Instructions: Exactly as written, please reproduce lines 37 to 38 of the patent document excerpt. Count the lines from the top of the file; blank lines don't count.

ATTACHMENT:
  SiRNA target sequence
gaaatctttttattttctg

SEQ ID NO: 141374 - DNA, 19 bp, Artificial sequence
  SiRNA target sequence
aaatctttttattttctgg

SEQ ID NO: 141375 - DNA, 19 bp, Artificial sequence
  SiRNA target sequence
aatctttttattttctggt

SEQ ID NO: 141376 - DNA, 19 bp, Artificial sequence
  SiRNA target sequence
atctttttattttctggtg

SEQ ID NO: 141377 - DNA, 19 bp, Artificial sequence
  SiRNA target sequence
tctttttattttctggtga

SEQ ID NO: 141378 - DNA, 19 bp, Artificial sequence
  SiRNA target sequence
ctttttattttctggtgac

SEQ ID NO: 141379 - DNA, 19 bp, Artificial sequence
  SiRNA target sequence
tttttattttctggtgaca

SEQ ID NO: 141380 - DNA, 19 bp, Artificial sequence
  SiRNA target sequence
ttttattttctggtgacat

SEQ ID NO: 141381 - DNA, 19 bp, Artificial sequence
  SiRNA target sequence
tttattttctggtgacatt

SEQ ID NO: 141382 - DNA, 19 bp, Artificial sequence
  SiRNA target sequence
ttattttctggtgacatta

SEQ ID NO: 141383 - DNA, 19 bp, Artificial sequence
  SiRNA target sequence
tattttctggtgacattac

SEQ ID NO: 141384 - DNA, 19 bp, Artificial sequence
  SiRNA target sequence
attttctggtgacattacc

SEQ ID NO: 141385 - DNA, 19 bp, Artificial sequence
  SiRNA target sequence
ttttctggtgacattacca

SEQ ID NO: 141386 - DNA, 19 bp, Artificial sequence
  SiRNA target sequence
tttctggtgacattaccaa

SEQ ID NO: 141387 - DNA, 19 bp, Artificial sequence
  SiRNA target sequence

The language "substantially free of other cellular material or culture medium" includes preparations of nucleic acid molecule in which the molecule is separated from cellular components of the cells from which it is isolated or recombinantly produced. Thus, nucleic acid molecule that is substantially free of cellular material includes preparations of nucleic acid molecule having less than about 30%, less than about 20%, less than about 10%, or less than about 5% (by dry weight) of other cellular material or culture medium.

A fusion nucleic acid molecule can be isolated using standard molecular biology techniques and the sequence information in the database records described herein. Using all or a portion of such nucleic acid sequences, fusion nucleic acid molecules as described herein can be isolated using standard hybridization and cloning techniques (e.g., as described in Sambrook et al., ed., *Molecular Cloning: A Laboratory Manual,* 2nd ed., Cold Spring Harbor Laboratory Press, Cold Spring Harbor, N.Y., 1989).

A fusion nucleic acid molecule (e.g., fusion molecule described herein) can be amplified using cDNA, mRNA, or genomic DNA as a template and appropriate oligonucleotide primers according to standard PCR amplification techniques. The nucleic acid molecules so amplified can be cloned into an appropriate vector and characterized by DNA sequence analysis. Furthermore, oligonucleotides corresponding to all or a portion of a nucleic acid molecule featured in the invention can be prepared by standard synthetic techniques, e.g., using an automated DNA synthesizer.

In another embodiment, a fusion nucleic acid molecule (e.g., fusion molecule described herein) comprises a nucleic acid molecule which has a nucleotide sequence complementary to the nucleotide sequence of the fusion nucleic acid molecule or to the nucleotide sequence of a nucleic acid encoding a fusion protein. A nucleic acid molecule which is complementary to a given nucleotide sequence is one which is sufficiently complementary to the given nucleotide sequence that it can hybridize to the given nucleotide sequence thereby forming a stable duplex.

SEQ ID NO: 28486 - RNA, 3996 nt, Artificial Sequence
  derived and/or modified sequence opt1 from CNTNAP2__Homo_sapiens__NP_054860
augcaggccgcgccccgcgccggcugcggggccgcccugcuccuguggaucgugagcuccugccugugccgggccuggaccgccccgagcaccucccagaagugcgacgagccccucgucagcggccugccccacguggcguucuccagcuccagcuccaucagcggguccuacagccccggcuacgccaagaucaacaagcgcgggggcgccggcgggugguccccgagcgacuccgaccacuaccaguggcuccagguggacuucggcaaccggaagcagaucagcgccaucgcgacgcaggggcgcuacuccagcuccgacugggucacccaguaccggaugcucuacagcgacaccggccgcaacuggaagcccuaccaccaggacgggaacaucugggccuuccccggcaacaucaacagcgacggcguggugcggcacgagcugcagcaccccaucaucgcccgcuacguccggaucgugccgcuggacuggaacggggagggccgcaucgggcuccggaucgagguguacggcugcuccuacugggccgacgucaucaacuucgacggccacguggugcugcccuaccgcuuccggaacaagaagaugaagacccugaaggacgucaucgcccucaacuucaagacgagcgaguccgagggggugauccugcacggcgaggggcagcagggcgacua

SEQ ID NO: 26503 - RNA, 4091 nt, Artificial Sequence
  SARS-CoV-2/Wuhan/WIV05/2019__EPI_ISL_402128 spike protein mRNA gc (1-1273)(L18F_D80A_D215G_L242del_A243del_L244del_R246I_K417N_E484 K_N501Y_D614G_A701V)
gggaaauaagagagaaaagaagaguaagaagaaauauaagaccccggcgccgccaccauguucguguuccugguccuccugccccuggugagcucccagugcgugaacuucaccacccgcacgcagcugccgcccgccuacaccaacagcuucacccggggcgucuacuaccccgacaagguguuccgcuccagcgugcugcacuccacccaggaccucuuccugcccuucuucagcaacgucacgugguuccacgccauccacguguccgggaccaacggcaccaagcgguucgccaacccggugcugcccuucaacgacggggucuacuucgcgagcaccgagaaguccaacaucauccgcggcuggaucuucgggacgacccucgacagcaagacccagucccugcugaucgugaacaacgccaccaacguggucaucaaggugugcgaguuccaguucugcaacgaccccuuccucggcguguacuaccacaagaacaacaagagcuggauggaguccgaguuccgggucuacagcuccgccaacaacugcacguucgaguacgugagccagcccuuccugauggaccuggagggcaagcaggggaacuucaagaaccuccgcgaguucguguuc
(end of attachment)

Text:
  SiRNA target sequence
ttttctggtgacattacca